8. David Puddy

Elaine has a few on-again, off-again relationships throughout "Seinfeld," but the partner she's most frequently seen with is the lovably oblivious mechanic-turned-car salesman David Puddy. A man of few words and seemingly few thoughts, what Puddy lacks in basic communication skills he more than makes up for in confidence. Whether that means wearing elaborate face paint to a New Jersey Devils Game in "The Face Painter" or wearing a hideous fur jacket in public, he doesn't put too much stock in other people's opinions and never fears social embarrassment.

The brilliance of Puddy is just how blunt he can be. He's not one to add any fancy spin on his words, usually responding to questions with his signature "Yeah, that's right," in that flat, baritone voice of his. When we see the amount of enjoyment he gets from a simple Arby's meal or sitting and blankly staring out into space, it almost makes you wonder if he's unlocked some secret to happiness in the universe by practicing a simple, uneventful lifestyle without ever getting bored or overthinking.

A classically mismatched romantic couple, Puddy is also one of Elaine's most likable boyfriends, his Taoist-like stoicism and empty-headedness contrasting sharply with Elaine's own neuroses and outbursts. Time and time again they break up, but always end up back together. No matter the argument or reason they're calling it quits, though, we generally tend to side with Puddy, delightful oaf that he is.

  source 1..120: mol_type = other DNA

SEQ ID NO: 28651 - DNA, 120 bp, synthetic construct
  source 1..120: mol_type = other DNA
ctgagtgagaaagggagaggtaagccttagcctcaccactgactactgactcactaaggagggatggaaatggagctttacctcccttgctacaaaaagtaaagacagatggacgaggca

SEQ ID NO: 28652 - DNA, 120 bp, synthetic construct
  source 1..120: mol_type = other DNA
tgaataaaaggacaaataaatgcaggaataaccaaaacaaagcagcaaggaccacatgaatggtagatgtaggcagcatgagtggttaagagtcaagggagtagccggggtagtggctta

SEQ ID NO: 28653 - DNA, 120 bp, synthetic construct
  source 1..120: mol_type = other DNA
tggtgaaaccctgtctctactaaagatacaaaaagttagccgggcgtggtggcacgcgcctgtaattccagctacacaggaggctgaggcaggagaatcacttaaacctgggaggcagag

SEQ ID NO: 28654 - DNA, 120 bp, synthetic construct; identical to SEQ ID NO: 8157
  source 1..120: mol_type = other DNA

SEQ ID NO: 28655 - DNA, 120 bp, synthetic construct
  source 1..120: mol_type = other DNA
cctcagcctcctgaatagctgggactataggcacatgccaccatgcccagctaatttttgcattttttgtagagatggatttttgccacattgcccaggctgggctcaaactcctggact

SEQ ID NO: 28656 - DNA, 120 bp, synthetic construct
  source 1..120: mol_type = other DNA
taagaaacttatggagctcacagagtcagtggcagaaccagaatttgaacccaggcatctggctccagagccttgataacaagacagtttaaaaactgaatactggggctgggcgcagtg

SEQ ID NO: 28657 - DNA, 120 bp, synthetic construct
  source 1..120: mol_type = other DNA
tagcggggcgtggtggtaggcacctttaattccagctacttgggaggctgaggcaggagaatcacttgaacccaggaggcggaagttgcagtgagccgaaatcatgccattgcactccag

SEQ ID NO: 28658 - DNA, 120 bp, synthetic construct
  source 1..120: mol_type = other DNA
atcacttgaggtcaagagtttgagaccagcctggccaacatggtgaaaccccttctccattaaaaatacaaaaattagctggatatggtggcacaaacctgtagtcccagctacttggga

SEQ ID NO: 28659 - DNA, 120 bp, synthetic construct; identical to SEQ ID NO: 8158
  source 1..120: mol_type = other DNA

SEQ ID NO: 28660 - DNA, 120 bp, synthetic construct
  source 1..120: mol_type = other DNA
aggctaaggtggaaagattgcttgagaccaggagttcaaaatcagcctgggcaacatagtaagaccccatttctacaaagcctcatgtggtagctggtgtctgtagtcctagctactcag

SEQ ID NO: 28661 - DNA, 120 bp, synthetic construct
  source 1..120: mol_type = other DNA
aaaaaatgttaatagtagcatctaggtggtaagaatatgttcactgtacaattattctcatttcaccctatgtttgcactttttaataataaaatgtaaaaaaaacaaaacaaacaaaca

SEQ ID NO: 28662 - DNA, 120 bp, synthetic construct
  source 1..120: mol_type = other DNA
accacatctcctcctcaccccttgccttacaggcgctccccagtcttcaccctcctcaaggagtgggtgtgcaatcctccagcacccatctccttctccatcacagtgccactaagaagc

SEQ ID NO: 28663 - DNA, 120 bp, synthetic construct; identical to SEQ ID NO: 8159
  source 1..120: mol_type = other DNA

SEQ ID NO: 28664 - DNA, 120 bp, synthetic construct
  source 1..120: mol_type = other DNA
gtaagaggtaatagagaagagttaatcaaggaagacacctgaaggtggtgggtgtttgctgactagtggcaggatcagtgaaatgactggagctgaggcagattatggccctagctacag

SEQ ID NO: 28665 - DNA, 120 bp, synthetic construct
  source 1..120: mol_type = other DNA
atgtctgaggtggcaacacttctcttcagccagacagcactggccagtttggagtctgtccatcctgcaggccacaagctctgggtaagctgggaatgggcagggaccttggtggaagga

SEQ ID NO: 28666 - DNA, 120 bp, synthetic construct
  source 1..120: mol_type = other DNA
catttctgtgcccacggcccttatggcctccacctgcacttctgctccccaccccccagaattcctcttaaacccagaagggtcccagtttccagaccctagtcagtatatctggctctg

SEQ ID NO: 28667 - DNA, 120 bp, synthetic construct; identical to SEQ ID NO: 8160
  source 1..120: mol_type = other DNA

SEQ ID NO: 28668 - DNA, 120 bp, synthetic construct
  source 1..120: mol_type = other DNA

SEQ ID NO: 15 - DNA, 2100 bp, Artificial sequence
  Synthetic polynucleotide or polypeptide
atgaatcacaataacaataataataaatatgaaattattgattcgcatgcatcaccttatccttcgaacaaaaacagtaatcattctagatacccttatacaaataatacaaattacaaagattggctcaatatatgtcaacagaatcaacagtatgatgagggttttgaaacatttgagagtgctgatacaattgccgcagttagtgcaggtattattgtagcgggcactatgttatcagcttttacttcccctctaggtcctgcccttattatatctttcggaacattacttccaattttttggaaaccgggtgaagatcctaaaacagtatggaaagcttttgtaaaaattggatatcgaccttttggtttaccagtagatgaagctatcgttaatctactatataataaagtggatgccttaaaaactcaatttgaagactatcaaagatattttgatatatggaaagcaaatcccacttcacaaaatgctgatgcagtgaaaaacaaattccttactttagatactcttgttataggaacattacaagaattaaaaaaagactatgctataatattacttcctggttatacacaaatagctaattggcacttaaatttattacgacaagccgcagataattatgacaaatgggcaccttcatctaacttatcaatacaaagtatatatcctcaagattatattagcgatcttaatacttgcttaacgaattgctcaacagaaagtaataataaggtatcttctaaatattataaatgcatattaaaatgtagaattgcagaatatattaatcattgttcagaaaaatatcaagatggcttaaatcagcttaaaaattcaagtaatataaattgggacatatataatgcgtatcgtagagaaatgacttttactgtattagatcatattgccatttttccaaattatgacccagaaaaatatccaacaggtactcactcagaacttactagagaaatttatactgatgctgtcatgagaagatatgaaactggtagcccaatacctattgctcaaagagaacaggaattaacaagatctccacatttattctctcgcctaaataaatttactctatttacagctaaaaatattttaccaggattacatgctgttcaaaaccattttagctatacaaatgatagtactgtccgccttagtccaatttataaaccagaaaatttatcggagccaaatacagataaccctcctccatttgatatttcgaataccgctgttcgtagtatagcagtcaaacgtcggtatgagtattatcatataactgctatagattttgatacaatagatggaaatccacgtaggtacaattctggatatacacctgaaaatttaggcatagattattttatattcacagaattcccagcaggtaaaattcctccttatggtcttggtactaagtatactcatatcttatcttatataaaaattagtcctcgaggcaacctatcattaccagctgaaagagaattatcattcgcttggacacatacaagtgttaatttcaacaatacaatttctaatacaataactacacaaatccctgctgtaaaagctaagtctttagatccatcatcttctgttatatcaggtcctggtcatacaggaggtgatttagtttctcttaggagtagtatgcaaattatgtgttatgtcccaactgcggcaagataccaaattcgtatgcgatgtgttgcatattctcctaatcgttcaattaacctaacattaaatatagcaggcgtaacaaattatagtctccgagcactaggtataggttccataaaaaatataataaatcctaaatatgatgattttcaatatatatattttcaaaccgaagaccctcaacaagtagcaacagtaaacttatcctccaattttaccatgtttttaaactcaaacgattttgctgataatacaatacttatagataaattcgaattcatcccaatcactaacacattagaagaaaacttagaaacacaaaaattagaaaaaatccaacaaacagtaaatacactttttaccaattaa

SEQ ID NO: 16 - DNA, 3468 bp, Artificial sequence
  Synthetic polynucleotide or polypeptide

7. Newman

The closest thing "Seinfeld" has to a main antagonist, Newman is the mortal enemy of Jerry, as well as one of Kramer's best friends. Making his first on-screen appearance halfway through Season 3, Newman's heated feud with Jerry is established almost right off the bat. An ardent gossip who delights at the chance at seeing in Jerry in trouble, Newman tries to annoy or inconvenience Jerry any way he can nearly every time he's on the show.

The genius of Newman's role on "Seinfeld" is his flexibility. In some episodes, he tries to launch a romantic relationship with Elaine — his secret crush who he's pined after for years. Other times, episodes might focus on his half-baked business ventures with Kramer, such as their attempts to start a rickshaw service or transport bottles and cans from New York to Michigan for a potentially lucrative refund. More often than not, though, he's a persistent nuisance to Jerry.

There are no wasted jokes when it comes to Newman, his job at the U.S. Postal Service and his avid hatred of Jerry providing some of the best running jokes in "Seinfeld." Jerry might hate a lot of people he runs into in New York, but he absolutely abhors Newman. It speaks volumes about how loathsome their feelings are for one another when Jerry literally freezes at the mere sight of Newman, exchanging his characteristic frosty greeting of "Hello, Newman" with his longtime nemesis.